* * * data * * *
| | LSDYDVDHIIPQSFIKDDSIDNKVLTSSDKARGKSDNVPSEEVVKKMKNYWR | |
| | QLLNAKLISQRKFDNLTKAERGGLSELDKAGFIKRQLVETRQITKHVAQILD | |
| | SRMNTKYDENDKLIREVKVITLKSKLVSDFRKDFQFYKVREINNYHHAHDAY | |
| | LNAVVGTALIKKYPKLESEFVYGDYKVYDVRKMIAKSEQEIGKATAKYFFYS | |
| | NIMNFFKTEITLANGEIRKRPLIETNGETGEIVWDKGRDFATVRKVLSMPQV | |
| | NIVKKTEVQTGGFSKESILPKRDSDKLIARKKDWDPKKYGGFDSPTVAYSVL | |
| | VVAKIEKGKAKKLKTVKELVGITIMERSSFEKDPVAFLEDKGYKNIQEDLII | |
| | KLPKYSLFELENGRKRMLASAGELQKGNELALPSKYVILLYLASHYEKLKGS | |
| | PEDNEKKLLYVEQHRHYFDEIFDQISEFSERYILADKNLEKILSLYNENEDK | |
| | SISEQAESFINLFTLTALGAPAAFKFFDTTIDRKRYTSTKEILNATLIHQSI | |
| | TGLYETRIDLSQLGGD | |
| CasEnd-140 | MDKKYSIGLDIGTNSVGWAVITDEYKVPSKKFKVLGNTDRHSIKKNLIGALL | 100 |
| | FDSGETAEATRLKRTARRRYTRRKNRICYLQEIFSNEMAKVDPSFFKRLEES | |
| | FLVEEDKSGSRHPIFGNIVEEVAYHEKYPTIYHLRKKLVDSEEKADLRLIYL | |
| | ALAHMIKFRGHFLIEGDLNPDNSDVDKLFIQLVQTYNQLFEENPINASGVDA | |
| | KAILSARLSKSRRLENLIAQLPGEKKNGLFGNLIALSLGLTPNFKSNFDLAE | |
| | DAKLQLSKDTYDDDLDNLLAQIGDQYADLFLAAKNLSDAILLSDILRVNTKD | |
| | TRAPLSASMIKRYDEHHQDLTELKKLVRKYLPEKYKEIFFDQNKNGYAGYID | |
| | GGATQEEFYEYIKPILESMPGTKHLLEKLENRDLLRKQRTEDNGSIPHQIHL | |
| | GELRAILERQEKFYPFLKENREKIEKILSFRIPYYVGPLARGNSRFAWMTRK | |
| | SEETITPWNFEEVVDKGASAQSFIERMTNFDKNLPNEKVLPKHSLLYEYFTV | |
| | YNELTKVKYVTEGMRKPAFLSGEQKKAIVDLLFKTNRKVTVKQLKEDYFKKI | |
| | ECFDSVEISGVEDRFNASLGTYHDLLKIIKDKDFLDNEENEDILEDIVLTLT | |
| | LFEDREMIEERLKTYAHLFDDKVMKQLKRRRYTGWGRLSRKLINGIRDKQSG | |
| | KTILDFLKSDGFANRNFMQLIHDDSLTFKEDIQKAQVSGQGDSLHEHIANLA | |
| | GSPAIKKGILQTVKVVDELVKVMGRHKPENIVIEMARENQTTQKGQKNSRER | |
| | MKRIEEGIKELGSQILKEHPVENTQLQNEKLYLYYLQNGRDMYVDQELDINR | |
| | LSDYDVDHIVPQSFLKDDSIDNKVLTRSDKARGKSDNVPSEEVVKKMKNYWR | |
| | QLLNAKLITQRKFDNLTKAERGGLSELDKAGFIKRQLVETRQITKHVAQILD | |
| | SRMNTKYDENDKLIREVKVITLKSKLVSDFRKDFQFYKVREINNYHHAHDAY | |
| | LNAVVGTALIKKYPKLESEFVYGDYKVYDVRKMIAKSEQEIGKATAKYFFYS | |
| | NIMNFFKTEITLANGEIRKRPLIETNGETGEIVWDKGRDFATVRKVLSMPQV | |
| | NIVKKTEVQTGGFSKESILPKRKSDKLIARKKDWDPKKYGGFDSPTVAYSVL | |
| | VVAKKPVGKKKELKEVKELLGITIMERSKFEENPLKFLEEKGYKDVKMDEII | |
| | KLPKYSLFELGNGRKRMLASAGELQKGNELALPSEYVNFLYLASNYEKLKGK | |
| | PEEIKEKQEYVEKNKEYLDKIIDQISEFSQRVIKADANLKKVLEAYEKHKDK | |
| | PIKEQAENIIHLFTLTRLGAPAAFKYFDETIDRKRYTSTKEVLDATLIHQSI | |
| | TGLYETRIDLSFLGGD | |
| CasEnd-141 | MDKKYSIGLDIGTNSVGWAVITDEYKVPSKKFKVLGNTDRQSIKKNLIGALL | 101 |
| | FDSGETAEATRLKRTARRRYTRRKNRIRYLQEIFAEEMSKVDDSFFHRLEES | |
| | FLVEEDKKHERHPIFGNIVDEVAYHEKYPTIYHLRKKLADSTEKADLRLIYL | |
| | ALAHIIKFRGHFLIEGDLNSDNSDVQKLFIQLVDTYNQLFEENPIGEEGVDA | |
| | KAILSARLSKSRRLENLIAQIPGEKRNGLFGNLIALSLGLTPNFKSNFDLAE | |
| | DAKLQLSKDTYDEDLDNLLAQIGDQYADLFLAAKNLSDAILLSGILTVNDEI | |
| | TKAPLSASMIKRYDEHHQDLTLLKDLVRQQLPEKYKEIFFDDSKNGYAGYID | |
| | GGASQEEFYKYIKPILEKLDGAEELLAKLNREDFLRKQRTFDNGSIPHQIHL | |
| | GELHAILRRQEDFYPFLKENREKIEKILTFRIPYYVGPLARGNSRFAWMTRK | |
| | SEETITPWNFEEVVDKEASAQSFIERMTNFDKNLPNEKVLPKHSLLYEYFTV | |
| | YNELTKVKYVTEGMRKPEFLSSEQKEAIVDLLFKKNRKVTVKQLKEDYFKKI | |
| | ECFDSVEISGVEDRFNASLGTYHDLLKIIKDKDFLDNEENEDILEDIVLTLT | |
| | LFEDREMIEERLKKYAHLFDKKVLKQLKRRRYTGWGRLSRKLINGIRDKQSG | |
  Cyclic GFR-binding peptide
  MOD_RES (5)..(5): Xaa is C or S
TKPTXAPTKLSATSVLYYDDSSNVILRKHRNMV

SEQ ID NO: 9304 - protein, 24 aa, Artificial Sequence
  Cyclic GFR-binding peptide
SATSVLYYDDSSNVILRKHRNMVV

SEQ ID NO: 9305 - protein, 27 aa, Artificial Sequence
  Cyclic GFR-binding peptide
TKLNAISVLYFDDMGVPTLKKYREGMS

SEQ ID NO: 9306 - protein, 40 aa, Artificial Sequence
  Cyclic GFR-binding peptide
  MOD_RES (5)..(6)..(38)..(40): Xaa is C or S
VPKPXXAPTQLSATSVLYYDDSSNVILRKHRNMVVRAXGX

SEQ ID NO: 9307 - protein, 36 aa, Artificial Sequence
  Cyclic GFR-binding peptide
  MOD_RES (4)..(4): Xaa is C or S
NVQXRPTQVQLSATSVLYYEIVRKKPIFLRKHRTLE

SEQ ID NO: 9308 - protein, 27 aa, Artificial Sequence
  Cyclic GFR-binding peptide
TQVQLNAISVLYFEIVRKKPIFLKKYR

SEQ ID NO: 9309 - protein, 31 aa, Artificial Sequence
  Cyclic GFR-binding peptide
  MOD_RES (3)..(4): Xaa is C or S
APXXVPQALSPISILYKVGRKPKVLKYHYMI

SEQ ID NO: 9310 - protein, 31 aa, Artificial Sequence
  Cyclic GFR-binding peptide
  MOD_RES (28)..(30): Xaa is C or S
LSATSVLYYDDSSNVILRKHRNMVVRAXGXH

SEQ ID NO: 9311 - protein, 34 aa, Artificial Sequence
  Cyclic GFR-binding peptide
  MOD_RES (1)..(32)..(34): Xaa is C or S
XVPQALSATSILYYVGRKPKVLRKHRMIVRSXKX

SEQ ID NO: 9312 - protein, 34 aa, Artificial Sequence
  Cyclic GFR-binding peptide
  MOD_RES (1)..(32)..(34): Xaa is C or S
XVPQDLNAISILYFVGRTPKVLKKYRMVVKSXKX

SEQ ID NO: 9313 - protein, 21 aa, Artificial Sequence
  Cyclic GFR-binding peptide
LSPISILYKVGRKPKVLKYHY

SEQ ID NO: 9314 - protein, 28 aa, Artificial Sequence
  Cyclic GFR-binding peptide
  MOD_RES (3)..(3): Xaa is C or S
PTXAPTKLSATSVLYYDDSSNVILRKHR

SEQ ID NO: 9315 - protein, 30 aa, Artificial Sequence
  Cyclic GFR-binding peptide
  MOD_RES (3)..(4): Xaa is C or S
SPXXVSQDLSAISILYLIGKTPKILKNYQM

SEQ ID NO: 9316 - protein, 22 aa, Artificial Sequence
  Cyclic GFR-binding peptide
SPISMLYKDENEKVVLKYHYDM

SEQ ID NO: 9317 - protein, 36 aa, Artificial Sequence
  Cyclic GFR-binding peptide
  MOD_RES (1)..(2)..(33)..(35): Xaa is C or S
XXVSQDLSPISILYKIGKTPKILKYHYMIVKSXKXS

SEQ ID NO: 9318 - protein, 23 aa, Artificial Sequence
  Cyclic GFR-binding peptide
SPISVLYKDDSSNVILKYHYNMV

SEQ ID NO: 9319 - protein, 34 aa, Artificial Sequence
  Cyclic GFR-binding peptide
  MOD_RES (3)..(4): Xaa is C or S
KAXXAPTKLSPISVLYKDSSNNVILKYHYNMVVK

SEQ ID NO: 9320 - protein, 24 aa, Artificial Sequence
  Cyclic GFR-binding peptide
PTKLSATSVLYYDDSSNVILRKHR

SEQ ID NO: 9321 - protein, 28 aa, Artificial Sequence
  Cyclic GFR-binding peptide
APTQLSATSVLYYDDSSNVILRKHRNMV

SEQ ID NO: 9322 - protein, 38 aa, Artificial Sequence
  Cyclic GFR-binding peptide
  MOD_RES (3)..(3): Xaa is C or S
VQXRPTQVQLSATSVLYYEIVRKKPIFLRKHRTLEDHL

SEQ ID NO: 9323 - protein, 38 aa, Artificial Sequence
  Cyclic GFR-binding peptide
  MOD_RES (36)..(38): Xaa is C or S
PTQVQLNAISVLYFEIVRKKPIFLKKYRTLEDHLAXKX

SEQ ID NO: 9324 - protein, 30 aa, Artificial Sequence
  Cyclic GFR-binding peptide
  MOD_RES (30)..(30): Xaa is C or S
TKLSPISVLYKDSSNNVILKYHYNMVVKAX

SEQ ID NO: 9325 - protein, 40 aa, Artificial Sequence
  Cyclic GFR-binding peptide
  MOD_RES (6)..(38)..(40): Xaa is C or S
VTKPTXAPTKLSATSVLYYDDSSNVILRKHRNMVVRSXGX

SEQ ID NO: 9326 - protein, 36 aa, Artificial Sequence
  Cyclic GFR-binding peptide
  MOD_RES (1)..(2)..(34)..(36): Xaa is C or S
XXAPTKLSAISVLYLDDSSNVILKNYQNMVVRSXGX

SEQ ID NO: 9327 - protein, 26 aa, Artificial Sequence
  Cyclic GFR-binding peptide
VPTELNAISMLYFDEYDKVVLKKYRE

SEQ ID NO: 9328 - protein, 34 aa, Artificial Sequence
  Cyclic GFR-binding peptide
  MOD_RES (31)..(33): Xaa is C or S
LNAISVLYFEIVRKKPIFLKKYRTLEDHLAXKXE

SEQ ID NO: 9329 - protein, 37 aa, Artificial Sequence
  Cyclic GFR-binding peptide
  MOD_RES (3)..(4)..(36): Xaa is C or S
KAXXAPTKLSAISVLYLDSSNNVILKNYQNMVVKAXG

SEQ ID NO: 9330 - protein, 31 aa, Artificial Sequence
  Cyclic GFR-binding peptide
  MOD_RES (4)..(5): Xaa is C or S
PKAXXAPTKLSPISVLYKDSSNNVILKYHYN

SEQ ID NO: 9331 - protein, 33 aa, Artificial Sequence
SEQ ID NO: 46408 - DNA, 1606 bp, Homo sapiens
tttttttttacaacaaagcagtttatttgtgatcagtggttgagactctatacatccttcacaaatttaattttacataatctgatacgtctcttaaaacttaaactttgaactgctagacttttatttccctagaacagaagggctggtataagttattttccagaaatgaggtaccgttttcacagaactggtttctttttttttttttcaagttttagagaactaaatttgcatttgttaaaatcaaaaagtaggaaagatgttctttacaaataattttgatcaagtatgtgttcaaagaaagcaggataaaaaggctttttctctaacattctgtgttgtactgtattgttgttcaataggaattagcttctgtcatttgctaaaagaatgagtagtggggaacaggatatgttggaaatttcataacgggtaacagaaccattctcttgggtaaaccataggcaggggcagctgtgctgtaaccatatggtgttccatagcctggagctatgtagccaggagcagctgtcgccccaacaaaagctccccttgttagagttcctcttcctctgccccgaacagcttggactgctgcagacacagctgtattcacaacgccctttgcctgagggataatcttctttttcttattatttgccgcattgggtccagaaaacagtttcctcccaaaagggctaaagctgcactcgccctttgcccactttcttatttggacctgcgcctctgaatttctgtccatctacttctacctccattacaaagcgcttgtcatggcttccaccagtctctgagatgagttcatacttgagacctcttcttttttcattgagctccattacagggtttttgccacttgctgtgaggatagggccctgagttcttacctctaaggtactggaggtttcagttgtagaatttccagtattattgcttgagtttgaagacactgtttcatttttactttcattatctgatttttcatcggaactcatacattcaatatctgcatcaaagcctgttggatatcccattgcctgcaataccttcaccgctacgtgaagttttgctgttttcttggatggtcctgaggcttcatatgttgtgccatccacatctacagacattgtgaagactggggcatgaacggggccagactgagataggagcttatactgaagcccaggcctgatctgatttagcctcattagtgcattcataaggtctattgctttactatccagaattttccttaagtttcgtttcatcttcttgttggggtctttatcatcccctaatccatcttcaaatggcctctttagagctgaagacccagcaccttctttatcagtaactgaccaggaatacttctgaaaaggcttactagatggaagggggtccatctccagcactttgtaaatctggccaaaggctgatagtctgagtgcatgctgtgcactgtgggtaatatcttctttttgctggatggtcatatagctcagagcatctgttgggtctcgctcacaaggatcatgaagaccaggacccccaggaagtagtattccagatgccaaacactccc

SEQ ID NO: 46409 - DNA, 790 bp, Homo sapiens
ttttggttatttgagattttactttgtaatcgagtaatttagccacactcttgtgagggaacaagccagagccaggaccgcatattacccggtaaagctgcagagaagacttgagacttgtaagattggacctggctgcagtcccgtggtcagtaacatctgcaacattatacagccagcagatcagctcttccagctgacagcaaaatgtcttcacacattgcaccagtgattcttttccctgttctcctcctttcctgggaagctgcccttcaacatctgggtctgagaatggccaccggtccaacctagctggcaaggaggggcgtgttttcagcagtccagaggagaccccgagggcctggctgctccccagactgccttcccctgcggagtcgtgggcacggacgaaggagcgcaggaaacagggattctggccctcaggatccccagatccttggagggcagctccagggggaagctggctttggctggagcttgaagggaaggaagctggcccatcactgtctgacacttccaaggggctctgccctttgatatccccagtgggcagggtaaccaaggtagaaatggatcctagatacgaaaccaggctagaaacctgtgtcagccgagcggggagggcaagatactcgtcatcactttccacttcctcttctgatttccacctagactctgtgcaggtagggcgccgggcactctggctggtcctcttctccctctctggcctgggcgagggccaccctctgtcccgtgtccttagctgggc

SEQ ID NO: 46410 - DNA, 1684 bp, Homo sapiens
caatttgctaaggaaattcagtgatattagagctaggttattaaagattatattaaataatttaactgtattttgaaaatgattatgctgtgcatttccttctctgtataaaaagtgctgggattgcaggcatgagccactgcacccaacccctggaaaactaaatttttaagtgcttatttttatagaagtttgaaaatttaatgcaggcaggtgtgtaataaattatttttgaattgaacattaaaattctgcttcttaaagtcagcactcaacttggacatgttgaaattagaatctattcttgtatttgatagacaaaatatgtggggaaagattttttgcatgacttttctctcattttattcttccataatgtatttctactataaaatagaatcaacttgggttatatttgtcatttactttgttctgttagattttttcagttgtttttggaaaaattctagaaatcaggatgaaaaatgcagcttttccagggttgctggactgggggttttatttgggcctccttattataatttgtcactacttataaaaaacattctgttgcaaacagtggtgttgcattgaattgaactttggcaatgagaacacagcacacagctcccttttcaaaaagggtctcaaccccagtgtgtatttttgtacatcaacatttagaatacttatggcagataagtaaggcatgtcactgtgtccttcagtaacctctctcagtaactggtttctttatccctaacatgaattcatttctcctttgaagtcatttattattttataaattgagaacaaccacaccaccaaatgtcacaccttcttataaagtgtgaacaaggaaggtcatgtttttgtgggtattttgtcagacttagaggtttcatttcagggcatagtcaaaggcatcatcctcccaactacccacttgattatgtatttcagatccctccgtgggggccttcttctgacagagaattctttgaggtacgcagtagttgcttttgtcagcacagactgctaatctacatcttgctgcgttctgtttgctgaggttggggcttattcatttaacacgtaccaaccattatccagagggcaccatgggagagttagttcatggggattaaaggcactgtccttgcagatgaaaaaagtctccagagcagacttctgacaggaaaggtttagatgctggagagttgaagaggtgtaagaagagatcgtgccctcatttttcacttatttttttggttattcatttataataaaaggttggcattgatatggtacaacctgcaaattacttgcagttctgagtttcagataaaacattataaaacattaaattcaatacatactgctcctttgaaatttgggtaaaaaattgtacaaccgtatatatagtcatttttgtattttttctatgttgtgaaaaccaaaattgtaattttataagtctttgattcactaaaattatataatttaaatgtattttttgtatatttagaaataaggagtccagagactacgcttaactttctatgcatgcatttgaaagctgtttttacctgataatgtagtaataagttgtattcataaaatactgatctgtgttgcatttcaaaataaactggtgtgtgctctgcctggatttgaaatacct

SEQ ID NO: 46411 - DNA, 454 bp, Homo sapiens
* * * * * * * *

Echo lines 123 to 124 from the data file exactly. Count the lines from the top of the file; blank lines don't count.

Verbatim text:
SEQ ID NO: 9323 - protein, 38 aa, Artificial Sequence
  Cyclic GFR-binding peptide